Rolls Royce reveals electric flying car propulsion system
Image credit: reuters
Flying cars could soon become a reality with jet engine maker Rolls Royce announcing that it has created a propulsion system designed to work in such a vehicle.
The British manufacturer said it is starting a search for partners to help develop the project and hopes it could take to the skies as soon as early next decade.
While start-ups such as Lilium have promised in the past to launch a flying car by 2020 (costing $1m), and more established players like Airbus and Audi have unveiled conceptual designs, Rolls Royce is the first reputable brand to claim it has actually designed a working propulsion system.
Rolls-Royce said its electric vertical take-off and landing (EVTOL) vehicle could carry four to five people at speeds of up to 250 miles per hour for approximately 500 miles.
Long the stuff of science fiction and futuristic cartoons such as “The Jetsons”, aviation and technology leaders are keen to make the vehicles a reality.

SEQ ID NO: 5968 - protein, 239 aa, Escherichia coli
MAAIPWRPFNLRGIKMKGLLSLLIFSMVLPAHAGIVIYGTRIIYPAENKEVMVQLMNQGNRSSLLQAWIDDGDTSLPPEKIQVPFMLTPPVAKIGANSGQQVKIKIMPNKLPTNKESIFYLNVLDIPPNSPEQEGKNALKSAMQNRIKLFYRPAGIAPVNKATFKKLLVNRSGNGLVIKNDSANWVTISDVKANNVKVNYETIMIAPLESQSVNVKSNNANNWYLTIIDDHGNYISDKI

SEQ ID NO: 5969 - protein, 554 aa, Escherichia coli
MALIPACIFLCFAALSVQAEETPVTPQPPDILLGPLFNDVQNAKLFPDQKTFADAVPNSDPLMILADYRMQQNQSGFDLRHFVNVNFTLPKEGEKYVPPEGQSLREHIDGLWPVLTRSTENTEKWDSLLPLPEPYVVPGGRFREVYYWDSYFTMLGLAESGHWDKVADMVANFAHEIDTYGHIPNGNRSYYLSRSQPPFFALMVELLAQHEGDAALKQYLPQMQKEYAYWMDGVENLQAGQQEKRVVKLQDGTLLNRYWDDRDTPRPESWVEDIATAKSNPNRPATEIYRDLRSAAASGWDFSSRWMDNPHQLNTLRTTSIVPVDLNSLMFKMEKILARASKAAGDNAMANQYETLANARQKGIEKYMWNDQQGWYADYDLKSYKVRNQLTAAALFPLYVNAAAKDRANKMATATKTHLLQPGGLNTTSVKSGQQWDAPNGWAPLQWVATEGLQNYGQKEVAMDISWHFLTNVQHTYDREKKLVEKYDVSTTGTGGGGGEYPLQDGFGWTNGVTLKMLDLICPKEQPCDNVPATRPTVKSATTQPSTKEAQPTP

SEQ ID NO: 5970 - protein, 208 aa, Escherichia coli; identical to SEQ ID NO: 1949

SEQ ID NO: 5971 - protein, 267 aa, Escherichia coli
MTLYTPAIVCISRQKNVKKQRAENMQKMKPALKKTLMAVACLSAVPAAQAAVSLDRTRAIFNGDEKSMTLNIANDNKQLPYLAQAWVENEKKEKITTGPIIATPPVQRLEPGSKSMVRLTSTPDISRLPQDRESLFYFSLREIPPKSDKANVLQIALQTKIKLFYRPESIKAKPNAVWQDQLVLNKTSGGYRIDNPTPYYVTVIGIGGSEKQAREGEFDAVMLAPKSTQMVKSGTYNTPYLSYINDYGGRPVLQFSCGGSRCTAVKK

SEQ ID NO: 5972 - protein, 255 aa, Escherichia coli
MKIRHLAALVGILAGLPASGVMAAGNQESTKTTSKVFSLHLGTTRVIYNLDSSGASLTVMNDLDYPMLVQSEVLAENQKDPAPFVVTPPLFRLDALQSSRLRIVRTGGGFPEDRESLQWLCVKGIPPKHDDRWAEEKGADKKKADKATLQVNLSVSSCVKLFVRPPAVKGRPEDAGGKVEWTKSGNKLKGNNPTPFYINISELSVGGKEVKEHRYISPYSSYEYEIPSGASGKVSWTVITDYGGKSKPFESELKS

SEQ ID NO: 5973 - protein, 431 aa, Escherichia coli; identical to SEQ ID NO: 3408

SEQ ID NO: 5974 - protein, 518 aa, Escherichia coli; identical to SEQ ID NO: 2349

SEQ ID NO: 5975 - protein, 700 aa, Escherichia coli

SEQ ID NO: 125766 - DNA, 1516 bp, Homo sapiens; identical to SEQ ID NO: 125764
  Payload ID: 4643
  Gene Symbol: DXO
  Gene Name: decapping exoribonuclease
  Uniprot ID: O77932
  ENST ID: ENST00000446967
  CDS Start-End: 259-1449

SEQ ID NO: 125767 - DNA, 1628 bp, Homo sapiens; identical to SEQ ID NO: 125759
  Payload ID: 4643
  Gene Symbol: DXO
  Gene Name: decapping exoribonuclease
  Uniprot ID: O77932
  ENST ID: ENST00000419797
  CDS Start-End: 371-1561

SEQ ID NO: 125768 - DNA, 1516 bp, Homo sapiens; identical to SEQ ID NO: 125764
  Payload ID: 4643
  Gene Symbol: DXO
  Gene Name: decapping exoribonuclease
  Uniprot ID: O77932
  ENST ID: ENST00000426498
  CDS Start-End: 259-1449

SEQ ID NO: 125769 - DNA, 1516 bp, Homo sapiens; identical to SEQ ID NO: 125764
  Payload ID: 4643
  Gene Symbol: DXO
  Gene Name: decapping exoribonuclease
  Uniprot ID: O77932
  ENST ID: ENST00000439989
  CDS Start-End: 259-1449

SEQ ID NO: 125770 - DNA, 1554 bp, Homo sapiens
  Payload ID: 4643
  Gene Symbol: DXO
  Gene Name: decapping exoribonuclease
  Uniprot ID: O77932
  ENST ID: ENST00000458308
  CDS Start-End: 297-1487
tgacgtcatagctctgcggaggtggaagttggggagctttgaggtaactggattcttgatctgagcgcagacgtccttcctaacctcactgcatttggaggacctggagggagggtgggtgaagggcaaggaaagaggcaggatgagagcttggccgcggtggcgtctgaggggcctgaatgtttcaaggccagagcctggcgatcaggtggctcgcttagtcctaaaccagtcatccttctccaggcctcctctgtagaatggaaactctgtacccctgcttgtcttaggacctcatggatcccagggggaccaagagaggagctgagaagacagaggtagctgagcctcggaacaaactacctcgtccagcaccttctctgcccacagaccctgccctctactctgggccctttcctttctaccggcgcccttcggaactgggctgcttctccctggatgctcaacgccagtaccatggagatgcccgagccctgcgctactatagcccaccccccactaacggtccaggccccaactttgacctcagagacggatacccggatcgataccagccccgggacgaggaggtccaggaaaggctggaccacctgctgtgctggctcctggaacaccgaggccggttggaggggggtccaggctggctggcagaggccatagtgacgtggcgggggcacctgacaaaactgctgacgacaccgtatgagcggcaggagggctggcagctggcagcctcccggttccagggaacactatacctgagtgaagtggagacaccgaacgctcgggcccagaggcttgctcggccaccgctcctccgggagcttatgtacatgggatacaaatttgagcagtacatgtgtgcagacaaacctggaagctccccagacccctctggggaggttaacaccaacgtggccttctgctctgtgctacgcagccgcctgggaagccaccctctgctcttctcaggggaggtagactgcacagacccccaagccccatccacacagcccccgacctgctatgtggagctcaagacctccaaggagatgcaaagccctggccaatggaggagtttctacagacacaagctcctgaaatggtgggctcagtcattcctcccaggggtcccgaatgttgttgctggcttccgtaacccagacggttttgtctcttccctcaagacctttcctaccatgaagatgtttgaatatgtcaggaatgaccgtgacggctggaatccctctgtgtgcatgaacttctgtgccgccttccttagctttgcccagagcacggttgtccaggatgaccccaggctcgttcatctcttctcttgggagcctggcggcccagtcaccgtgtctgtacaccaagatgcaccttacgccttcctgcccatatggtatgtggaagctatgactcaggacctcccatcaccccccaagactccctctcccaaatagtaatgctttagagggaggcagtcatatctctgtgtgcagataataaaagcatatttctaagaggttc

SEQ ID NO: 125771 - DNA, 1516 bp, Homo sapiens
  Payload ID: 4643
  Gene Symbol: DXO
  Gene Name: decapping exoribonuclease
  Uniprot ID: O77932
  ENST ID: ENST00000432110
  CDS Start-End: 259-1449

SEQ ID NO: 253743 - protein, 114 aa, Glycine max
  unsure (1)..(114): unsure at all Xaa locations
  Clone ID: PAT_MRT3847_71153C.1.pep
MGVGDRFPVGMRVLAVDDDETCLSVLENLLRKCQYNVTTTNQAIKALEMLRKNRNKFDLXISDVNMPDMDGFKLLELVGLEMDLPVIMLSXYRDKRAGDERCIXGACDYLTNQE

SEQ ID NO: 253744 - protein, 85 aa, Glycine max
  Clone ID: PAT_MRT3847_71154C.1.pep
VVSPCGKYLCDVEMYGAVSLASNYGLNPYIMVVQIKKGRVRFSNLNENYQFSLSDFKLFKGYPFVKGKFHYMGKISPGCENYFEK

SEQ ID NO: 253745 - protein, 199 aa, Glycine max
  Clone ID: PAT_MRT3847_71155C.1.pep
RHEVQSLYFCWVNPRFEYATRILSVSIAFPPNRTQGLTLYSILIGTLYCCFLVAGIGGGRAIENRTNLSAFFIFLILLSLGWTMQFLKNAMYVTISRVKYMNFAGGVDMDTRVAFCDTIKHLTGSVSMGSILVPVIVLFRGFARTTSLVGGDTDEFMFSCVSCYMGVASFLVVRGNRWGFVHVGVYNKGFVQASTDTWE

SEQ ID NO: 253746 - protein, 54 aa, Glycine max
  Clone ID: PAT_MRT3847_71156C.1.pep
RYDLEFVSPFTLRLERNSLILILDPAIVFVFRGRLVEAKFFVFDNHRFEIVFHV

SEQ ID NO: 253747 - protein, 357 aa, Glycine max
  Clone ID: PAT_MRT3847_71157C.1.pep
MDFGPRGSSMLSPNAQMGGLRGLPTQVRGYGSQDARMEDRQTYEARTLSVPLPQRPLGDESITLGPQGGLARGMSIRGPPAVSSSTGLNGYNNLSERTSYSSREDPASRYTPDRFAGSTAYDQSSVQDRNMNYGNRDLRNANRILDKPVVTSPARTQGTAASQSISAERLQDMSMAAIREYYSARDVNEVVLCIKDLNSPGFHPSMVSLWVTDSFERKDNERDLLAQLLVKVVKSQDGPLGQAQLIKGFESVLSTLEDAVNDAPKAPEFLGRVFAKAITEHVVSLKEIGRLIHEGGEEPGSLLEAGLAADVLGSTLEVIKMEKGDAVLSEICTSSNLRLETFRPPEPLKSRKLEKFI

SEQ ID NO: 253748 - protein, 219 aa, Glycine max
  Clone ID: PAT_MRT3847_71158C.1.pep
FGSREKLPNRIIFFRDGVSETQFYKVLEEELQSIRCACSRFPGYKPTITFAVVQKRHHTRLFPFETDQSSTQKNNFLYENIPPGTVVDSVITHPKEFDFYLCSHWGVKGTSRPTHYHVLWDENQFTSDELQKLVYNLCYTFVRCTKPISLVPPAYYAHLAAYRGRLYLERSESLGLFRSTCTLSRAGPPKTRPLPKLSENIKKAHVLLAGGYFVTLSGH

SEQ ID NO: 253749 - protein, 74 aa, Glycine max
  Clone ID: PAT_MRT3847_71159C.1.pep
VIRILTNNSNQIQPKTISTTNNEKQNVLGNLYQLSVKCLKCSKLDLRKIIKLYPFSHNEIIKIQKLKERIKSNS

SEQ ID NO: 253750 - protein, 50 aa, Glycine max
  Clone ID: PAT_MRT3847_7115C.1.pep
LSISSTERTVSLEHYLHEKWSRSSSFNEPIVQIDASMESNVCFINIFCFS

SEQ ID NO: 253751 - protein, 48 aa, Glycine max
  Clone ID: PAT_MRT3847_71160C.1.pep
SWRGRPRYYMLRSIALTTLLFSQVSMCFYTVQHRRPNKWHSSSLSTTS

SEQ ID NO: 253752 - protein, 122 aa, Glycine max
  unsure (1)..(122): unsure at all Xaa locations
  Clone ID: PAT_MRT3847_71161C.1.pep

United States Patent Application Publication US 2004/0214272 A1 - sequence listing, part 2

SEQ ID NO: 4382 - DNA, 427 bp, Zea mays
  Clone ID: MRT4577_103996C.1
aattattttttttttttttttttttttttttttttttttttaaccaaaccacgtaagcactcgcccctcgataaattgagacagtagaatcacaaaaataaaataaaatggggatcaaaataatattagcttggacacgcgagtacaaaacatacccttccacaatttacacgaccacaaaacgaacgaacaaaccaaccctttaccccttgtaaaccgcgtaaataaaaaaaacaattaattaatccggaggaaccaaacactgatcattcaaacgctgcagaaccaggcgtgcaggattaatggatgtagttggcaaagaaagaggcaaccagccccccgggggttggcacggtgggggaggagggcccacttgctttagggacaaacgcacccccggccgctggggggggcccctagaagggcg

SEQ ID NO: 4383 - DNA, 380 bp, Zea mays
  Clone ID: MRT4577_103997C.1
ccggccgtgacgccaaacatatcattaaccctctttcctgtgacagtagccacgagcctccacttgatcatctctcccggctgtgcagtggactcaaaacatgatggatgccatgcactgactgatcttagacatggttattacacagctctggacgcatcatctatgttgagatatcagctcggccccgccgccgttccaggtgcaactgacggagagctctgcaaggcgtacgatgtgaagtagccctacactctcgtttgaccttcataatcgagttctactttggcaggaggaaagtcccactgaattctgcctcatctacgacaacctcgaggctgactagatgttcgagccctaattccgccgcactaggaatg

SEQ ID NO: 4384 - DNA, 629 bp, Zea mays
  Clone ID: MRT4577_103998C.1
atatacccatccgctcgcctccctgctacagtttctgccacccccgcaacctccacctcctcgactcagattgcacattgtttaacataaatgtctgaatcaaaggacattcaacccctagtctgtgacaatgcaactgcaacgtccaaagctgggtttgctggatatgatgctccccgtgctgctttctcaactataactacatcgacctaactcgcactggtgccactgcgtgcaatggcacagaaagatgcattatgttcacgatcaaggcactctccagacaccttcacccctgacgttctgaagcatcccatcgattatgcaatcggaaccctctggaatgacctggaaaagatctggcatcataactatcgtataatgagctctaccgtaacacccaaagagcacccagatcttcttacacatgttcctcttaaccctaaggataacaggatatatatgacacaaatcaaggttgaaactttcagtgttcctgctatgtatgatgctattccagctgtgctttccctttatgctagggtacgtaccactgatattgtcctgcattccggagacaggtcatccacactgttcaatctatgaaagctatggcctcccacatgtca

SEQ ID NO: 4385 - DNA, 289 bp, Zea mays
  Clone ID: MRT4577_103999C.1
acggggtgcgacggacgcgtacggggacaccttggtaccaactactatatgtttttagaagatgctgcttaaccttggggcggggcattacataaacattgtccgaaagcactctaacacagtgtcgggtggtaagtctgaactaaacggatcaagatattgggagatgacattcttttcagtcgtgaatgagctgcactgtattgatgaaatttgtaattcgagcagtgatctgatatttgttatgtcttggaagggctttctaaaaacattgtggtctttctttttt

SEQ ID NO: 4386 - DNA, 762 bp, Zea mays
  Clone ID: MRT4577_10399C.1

Cab-hailing company Uber demonstrated an electric flying car concept in 2016 that would help reduce commute duration and tackle congestion.
Rolls-Royce’s design is being showcased in digital form at the Farnborough Airshow this week. The company is looking for an airframer and a partner to provide aspects of the electrical system to help commercialise the project.
Rolls-Royce said in a statement it was well-placed to play a leading role in the “personal air mobility” market.
“The initial concept vehicle uses gas turbine technology to generate electricity to power six electric propulsors specially designed to have a low noise profile,” the company said, adding the design used its existing M250 gas turbine.
Rolls’s design would not require re-charging because the battery is charged by the gas turbine, it said, adding it could use existing infrastructure such as heliports and airports.